Sinking, cracks lead to closure of Argyle road
November 11, 2016

Sinking, cracks lead to closure of Argyle road

THE PORTION OF the Windward Highway at Argyle, which was reconstructed two years ago to circumvent an area which had begun to subside and crack, had to be shut down yesterday afternoon after exhibiting new cracks and signs of sinking in areas.

And, according to chief engineer Brent Bailey, the situation being experienced this time is much worse than what happened in 2014.{{more}}

Speaking to SEARCHLIGHT at Argyle yesterday, Bailey explained that the saturated top layer of sand and silt, on which the road is constructed, is sliding over the surface of the harder second layer underneath.

“At this site we have very sandy silty material, and it’s actually a very deep layer of sand, in excess of 10 metres and as such, that material is sitting on a harder surface.

So once the soil gets saturated, it’s actually sliding over the surface,” he explained.

Furthermore, according to Bailey, what makes this situation worse is the fact that the potential for earth movements extends to a hill above the road.

“It’s actually much worse than the last time, because it extends… all the way up the hill… So that is what we are very concerned about because… it not only cuts off this section of the highway, but it also affects the international airport and this house is also potentially under threat,” Bailey said, pointing to a house nearby.

The house, however, is unoccupied.

The chief engineer noted that the authorities have been aware of the problem for a while now and over the last two weeks, they had begun works to put in subsoil drains to reduce the amount of water in the soil.

“Well we started and then the rains kept coming and it interfered with the IADC’s (International Airport Development Company) ability to do the works. And, as such, the material kept getting heavier and this is why the earth movement has progressed from the original area and has now impacted this realigned section of road.”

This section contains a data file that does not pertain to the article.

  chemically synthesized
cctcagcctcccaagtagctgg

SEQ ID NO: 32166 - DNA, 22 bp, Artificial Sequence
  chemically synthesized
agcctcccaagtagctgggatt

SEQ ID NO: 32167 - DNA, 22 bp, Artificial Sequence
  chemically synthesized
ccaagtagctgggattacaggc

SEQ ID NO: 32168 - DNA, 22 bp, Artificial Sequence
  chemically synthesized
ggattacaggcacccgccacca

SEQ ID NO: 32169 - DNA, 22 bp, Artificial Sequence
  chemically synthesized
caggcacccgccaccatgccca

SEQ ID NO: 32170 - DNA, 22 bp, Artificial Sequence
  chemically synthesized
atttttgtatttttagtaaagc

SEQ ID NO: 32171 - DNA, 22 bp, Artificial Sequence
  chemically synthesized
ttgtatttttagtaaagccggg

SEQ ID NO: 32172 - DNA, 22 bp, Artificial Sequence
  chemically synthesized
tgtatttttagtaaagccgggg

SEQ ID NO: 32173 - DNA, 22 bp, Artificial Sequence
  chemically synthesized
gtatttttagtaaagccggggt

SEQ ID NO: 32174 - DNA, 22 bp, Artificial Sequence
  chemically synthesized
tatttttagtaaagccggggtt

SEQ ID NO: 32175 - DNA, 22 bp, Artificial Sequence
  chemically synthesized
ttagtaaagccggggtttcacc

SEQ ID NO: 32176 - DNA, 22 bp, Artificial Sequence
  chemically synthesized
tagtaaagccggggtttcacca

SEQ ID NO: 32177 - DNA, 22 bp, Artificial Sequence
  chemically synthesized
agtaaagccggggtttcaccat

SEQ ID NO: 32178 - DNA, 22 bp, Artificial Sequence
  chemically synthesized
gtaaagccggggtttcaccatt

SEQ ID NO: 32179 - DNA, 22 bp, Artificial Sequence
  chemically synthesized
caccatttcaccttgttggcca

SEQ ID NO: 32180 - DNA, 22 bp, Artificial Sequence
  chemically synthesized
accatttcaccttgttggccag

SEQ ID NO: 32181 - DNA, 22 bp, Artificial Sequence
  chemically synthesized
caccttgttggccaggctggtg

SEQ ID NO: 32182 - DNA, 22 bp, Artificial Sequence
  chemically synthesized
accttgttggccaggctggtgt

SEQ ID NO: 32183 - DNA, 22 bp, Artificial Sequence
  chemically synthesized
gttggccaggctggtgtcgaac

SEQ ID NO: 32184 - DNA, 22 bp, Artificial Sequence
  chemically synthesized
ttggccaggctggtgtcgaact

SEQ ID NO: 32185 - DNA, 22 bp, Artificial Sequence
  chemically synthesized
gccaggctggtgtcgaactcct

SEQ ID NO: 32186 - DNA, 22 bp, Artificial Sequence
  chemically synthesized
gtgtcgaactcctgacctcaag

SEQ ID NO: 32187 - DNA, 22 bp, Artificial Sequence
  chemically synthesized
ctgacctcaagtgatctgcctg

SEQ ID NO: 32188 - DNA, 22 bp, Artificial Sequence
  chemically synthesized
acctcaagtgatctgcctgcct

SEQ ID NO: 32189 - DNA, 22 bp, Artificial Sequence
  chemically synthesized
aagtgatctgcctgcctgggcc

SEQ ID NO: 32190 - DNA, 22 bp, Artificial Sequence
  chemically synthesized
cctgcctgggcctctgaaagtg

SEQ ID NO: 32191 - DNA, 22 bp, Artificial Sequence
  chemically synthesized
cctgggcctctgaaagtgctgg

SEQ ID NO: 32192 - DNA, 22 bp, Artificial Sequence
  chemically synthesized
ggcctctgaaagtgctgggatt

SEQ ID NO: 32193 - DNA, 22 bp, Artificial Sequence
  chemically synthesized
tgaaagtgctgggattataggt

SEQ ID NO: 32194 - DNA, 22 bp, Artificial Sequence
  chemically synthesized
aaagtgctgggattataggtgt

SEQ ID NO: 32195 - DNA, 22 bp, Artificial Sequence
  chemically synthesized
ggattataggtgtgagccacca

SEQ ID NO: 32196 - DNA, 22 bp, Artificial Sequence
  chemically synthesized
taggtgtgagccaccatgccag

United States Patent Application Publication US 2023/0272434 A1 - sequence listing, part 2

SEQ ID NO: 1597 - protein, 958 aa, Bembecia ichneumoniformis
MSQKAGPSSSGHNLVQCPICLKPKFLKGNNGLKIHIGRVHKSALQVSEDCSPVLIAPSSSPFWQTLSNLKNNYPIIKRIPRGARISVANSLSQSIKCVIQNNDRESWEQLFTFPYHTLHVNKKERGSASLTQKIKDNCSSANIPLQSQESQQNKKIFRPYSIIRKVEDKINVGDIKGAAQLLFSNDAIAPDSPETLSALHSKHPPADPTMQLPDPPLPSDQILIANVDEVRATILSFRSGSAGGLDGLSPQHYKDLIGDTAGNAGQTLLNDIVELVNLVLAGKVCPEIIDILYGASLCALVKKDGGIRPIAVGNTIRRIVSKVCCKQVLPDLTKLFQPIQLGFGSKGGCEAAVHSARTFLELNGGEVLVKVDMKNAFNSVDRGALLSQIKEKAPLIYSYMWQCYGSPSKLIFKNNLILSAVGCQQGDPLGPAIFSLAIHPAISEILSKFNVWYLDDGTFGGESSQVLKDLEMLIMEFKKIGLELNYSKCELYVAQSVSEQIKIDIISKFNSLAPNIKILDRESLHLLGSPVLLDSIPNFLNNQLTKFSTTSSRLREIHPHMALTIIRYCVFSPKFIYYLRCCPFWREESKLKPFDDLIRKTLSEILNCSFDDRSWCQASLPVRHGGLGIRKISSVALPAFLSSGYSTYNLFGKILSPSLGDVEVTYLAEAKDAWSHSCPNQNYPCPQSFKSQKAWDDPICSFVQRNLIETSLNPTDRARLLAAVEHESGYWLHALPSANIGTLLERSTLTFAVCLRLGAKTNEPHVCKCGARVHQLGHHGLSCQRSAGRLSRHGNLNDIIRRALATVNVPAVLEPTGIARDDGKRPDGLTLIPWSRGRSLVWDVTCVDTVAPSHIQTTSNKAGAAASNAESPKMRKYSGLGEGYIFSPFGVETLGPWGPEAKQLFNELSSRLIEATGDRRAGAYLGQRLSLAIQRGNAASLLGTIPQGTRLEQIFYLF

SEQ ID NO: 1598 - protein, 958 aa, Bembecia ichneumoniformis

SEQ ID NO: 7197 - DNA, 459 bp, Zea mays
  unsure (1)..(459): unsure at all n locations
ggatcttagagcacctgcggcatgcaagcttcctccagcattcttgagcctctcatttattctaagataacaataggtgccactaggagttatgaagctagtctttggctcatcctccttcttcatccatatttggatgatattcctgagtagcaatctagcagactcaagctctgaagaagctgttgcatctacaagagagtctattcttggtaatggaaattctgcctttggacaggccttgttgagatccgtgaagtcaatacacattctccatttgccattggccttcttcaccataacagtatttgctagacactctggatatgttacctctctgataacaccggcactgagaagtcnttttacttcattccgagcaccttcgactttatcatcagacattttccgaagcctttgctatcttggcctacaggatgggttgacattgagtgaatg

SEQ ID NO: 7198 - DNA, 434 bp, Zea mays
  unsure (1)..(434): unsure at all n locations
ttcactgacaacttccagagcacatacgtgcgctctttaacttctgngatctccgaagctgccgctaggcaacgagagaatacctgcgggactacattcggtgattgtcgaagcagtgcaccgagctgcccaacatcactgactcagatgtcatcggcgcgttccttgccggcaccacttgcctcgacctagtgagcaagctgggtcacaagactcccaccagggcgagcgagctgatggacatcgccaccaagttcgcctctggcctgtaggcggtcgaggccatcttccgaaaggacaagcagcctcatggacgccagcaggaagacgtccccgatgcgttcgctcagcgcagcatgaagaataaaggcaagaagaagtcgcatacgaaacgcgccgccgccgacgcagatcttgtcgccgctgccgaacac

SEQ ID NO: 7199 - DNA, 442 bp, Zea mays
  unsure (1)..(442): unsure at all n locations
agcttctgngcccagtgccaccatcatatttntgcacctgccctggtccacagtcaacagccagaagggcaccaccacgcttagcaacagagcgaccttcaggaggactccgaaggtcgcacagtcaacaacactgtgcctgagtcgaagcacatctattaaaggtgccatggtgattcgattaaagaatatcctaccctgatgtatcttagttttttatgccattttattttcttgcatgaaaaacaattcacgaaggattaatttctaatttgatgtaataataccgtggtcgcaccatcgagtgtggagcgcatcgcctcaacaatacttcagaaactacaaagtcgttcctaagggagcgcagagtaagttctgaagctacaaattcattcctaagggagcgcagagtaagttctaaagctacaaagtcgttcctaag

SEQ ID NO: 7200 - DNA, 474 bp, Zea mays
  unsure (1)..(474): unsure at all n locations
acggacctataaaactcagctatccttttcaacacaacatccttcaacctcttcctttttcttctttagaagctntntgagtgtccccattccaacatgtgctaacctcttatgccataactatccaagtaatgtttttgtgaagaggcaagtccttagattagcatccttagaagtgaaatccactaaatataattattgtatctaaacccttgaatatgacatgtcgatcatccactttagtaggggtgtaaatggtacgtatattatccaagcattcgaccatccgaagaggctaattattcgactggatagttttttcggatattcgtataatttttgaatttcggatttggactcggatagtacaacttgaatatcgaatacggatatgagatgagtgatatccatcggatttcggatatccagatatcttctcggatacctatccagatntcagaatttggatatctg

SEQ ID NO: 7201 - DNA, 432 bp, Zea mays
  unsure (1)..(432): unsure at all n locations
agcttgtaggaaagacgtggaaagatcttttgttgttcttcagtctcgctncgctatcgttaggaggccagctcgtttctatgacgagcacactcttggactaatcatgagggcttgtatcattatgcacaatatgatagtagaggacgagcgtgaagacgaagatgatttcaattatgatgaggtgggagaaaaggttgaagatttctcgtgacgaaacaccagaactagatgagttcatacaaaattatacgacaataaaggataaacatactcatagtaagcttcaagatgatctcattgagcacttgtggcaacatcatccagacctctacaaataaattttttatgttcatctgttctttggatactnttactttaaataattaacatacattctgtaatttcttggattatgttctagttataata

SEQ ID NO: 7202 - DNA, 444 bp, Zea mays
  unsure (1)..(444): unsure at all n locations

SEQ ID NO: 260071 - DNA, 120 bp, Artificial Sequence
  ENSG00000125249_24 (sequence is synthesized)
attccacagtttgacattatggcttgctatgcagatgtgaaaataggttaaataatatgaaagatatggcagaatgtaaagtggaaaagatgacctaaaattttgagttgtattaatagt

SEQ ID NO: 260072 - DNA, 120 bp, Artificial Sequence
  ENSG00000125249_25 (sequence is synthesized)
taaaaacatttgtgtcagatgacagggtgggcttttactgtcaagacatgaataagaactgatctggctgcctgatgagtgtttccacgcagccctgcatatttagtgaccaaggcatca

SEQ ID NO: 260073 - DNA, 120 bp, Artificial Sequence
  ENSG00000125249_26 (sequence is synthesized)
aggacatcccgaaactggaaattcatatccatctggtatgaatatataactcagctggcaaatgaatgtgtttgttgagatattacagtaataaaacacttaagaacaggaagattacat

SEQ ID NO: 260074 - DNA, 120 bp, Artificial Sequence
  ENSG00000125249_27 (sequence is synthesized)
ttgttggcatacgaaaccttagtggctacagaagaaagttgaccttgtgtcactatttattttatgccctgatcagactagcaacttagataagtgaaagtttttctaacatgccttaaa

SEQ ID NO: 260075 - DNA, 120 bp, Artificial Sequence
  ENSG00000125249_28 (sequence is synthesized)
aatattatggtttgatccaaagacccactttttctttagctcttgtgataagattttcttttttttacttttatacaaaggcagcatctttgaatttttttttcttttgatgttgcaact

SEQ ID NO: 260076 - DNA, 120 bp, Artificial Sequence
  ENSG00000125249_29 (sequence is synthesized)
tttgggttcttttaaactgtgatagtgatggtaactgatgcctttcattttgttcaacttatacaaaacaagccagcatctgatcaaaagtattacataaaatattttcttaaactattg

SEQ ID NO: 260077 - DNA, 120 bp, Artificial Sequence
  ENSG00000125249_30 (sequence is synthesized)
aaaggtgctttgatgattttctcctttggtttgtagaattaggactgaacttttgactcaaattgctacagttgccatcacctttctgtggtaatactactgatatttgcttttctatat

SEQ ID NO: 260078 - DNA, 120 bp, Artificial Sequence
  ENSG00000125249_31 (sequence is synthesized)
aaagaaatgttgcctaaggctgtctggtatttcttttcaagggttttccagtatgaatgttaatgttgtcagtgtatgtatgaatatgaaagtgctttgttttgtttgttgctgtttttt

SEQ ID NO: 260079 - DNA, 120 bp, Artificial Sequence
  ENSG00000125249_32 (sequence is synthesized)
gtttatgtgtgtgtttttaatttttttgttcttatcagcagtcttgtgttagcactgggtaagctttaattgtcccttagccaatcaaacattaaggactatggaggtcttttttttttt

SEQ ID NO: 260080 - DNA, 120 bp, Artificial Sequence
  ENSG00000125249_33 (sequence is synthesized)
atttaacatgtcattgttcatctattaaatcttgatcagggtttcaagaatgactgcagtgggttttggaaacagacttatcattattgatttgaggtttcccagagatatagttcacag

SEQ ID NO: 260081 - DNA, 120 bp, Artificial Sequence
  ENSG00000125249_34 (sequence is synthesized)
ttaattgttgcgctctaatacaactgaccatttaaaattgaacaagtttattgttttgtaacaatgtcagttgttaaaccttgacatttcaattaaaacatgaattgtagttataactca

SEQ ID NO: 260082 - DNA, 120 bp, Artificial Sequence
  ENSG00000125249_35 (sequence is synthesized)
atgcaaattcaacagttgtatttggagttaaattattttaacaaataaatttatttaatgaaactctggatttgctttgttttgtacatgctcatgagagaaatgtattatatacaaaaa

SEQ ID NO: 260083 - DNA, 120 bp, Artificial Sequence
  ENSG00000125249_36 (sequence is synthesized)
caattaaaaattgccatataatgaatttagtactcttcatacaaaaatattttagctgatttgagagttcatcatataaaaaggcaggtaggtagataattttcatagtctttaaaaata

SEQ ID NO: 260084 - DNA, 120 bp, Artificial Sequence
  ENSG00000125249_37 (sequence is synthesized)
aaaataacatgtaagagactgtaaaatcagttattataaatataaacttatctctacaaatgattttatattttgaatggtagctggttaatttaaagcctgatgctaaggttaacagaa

In 2014, when the bypass road was constructed, Prime Minister Ralph Gonsalves, who at the time was Minister of Transport and Works, said at a press conference that a wall was to be constructed to hold up the right side of the road. That wall was expected to be designed and constructed within a three-month period and the new road was to be constructed during the time the wall was being built.

However, Bailey explained that a major part of the hold-up was scheduling their works in accordance with the IADC.

“The Ministry of Works has a design in place for the original site. I am actually rethinking it now, whether or not it would even be appropriate to construct there and what solutions we may find to stop the overall slippage, the mass slide…

“…We have to be able to stop the entire mass from moving and as such, the walls that we would have to construct are not the normal rubble reinforced concrete walls, because we would have to go down deep into the soil to get to the hard layer to stop the entire mass from moving.

It’s not as simple as the normal walls we would build throughout the country,” he stated.

Bailey noted that his team is working on solutions to stop the entire mass from slipping off the ledge and onto the airport, the substation and the cargo terminal building.

Minister of Transport and Works Julian Francis, in an address on NBC Radio yesterday, said with the closure of the road, commuters travelling to the country will be diverted through Calder, through Mesopotamia and would exit at Peruvian Vale.

Those persons travelling into Kingstown from the countryside would turn right into Peruvian Vale, travel through Yambou, then to Mesopotamia and exit either at Calliaqua through the Belmont road or back onto the Windward Highway through Calder.

That diversion route is only temporary, as in about two weeks time, a more permanent route through Mt Coke will be made available.

Bailey said in preparation for this new influx of traffic, certain sections of the road will have to be addressed, including the Yambou River bridge crossing and patch works on the Calder main road and the Peruvian Vale section of the Vigie Highway.

The Minister also expressed his deep regret for the inconvenience, but explained that these problems do occur from time to time when there is excessive rain, which SVG has been experiencing since the passage of Tropical Storm Matthew last month.

The new Argyle bypass road was officially opened in 2009, after being built as part of an almost five-year road project which stretched from Fancy to Kingstown. (CM)